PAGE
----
1. Preeminence over all other nations. “Of an high stature—exalted above all the trees of the field” (Ezekiel 31:3; Ezekiel 31:5.) Assyria, though more recent in civilisation and more rapid in its growth, yet outstripped Egypt in extent of dominion and brilliance of career. Ninas, its most illustrious monarch, subdued Media, Babylonia, and several other kingdoms, and united them under one sceptre. Nineveh, its capital, built on the banks of the Tigris, was one of the most celebrated cities of antiquity. In the height of its prosperity Assyria overshadowed in greatness and power every other contemporary nation, as the cedar overtopped every other tree of the forest.
2. Enormous resources. “The waters made him great—his root was by great waters” (Ezekiel 31:4-5; Ezekiel 31:7). Its argosies and war-boats crowded the Tigris and Euphrates, wealth flowed into its coffers in a perpetual stream, trade and commerce assumed gigantic proportions, its mineral and agricultural products were illimitable, its public works were on a scale of unsurpassed grandeur, its arms were everywhere triumphant.
3. The strength and protection of other nations. “His top was among the thick boughs—all the fowls of heaven made their nests in his boughs—under his shadow dwelt all great nations” (Ezekiel 31:3-6.) The nations conquered by Assyria dreaded while they hated its power, and neighbouring kingdoms were proud to be its allies. They felt secure under the guardianship of its shield, and shone in the reflected splendour of its greatness and prestige.
4. The envy of less favoured nations. “The cedars in the garden of God could not hide him—all the trees envied him” (Ezekiel 31:8-9.) For warlike courage and prowess, for majesty of bearing, for vigour of government, for symmetry and beauty of national unity, for opulence and display, Assyria was the admiration and envy of all nationalities. It outdistanced all competitors; it stood alone in the shining brilliance of its own star-like splendour.
II. The unmistakable symptoms of national decay (Ezekiel 31:10-17).
1. Vaunting pride. “Because thou hast lifted up thyself” (Ezekiel 31:10). It is difficult to be at once great and humble, and yet greatness is stable only as it rests on a firm foundation of humility. “The greatest man,” says Seneca, “is he who chooses right with the most invincible resolution, who resists the sorest temptations from within and without, who bears the heaviest burdens cheerfully, who is calmest in storms and most fearless under menaces and frowns, whose reliance on truth, on virtue, and on God is most unfaltering.” Prosperity breeds self-confidence, self-confidence pride, pride recklessness, and recklessness ruin. The greatest peril to the individual or the nation is found at the highest point in the delirium of success. When pride overleaps sound judgment just government receives its death-blow, decay sets in, and the end is not far off.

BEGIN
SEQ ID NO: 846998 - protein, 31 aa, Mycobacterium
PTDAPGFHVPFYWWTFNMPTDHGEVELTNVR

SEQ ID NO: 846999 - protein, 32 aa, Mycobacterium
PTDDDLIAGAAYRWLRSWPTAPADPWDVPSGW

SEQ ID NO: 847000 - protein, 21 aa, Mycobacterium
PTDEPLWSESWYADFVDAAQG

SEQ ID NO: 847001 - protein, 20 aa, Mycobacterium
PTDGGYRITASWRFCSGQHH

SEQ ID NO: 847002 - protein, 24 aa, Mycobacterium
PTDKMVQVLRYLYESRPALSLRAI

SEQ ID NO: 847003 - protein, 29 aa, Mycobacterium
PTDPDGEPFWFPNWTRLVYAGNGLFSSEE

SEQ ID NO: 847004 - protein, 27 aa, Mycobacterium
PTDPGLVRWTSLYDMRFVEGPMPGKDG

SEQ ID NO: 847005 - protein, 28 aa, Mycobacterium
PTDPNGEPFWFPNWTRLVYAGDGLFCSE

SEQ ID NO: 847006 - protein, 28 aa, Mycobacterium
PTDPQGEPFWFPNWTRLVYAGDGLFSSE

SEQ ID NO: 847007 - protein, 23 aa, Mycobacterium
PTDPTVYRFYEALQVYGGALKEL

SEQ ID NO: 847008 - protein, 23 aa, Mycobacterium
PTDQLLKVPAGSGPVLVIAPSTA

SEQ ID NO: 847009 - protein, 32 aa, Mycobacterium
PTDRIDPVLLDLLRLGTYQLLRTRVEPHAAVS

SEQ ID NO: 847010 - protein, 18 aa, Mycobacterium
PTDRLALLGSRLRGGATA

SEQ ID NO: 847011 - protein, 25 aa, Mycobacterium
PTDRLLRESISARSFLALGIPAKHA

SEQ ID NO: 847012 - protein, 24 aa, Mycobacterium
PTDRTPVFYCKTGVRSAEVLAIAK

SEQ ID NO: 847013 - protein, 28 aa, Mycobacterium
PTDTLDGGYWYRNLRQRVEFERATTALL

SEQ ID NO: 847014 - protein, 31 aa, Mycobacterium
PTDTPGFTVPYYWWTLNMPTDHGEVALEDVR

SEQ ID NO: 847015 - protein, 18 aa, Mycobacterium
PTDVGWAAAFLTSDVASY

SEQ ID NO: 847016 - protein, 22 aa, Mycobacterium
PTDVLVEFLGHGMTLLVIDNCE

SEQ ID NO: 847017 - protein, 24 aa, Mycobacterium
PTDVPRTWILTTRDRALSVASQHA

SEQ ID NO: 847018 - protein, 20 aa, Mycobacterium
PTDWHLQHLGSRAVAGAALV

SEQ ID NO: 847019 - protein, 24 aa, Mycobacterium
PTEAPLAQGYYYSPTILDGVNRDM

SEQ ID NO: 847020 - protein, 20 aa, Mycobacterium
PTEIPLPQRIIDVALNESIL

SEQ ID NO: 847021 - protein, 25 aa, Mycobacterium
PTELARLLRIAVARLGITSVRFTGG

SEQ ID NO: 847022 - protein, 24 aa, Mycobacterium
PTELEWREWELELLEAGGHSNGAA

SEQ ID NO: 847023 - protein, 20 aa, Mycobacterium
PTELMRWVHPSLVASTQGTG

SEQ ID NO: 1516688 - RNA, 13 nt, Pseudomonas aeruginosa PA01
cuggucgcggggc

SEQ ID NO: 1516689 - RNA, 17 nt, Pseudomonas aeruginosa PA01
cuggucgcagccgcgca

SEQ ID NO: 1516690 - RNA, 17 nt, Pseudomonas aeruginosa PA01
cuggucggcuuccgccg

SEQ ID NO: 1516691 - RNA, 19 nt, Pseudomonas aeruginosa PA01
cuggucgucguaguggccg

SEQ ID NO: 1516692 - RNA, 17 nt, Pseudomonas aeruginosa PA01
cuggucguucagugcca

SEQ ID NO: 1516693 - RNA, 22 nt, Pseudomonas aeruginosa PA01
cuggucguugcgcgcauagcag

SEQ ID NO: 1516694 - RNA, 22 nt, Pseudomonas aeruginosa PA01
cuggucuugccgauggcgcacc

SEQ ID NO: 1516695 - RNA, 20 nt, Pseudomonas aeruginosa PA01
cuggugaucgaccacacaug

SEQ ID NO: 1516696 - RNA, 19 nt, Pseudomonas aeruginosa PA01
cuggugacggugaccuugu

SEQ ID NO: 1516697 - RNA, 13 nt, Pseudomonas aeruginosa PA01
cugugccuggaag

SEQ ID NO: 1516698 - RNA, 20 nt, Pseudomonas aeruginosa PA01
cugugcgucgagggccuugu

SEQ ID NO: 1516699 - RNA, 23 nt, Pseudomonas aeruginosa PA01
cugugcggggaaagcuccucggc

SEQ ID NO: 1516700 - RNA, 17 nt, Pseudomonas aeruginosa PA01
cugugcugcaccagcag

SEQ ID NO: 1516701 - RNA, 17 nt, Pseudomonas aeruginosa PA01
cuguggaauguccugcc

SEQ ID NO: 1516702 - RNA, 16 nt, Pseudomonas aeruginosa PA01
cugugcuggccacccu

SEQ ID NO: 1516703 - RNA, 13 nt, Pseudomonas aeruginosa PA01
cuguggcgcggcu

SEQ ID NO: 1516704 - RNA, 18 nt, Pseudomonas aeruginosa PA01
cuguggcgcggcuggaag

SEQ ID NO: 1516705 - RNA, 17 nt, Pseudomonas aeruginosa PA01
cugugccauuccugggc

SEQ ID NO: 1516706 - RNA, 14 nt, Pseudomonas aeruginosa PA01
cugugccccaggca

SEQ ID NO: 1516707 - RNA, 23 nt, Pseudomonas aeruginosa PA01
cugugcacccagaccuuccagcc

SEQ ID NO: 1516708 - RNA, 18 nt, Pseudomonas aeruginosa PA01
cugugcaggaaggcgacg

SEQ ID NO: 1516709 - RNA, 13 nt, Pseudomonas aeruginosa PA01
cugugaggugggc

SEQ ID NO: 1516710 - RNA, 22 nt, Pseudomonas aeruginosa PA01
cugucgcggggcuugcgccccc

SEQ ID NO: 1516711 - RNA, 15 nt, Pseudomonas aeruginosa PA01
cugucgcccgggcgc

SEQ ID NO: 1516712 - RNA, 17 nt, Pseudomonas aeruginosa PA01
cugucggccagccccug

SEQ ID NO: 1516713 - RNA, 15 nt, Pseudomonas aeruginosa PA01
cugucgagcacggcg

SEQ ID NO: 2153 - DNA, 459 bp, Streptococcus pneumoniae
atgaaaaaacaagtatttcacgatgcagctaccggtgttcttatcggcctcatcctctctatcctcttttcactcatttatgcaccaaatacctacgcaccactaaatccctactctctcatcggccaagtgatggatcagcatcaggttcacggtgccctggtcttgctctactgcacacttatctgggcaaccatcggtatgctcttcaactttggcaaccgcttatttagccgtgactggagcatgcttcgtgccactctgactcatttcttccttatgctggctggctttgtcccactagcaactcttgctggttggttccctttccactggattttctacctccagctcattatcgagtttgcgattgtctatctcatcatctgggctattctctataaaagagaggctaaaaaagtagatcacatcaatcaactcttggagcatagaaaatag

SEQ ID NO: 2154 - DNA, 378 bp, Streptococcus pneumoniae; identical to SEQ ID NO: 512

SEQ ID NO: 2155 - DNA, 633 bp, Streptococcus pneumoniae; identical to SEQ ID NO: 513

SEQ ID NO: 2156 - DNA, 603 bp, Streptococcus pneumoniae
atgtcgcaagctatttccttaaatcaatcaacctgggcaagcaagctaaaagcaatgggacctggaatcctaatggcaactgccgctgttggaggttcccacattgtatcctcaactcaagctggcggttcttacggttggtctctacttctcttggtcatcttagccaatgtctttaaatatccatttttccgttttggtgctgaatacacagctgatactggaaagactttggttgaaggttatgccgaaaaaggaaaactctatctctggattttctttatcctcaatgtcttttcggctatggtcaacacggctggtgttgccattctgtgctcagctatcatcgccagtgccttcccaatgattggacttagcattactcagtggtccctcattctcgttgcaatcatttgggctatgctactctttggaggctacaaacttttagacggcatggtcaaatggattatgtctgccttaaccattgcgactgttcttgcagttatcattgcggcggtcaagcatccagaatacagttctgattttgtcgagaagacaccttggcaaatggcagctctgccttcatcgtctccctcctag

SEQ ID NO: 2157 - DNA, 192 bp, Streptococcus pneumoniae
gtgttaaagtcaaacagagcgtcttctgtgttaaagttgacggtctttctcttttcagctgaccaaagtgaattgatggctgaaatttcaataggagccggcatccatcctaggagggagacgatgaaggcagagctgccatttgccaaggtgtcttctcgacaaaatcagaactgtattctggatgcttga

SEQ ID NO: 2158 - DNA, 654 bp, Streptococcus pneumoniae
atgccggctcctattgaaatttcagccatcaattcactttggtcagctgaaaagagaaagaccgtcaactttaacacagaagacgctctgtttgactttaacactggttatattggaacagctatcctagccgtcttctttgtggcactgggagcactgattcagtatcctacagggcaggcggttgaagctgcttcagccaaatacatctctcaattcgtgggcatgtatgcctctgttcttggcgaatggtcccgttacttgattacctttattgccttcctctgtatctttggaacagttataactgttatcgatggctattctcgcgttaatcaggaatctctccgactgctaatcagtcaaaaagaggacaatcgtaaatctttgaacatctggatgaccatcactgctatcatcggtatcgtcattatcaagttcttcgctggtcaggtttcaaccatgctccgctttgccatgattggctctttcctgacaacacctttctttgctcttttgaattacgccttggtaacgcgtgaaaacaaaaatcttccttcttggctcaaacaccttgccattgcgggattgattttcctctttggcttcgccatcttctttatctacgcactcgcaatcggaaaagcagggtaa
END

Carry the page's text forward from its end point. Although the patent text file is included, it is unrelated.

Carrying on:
2. Prevailing vice. “I have driven him out for his wickedness” (Ezekiel 31:11). The ancient monarchies—Sodom, the Hittites, Canaanites, Amalekites, &c.—were ruined by their iniquities. So was it with Assyria. Amid the glitter of a refined civilisation we detect the dark destructive elements of immorality and vice. “Righteousness exalteth a nation; but sin is a reproach to any people” (Proverbs 14:34). “The seeds of our own punishment,” says Hesiod, “are sown at the same time we commit sin.”
3. Loss of allegiance and territory. “Strangers have cut him off—upon the mountains and in the valleys his branches are fallen—the people have left him” (Ezekiel 31:12-13; Ezekiel 31:17). The break-up of a great empire may be gradual, but it is not less evident and certain. Distant dependencies are quick to discover the weakening of the power that so long overawed them, and eagerly watch for the opportunity to fling off their allegiance. The rebellion of one province is the signal for a general revolt, and the mighty empire that has filled so large a space in the history of the world crumbles into ruins.
4. Sorrow and consternation. “In the day he went down I caused a mourning—the nations shake at the sound of his fall” (Ezekiel 31:15-16). The struggle for freedom of revolted states and the desperate efforts of the ruling power to retain the broken remnants of authority is the occasion of wide suffering and misery. The fall of a throne that seemed impregnable fills neighbouring nations with grief and alarm. If the mighty Assyria is overthrown, what throne can be secure? The foundations of national life are upheaved, and the confidence of the most astute rulers is shaken.
III. That national greatness is no guarantee of permanence (Ezekiel 31:2; Ezekiel 31:14; Ezekiel 31:18). This was the solemn and emphatic lesson the prophet sought to enforce. If Assyria, the magnificent, was destroyed, there was no hope that Egypt would escape a similar fate. After having ruled for more than 600 years, with great tyranny and violence, from the Caucasus and the Caspian to the Persian Gulf, and from beyond the Tigris to Asia Minor and Egypt, the Assyrian Empire vanished like a dream, and the very site of its vast capital was a doubtful question for twenty-four centuries. There have been greater nations than Assyria, but their greatness did not save them from extinction. They have been overbalanced and crushed by the weight of their own immensity. Centuries slowly crept along, and it seemed as if they would endure for ever; but the catastrophe came, and filled the world with horrified wonder. The mightiest and proudest nation has no room to boast. The loftier its eminence the more ignominious its fall. The true greatness of a nation consists not in material prosperity, but in the virtue and uprightness of its people. Genuine religion alone can give permanence to a throne, and only so long as its genuineness is maintained.
1. The rise and fall of nations a suggestive study.
2. Moral greatness not always commensurate with material prosperity.
3. Kingly authority may be abused to a nation’s ruin.
GERM NOTES ON THE VERSES
Ezekiel 31:2. “Whom art thou like in thy greatness?” The Perils of Greatness.
1. Apt to breed a proud, self-sufficiency.
2. May use power tyrannically.
3. Under-estimates the significance of events which threaten to undermine the foundation on which it rests.
4. May grow beyond the control of the most successful.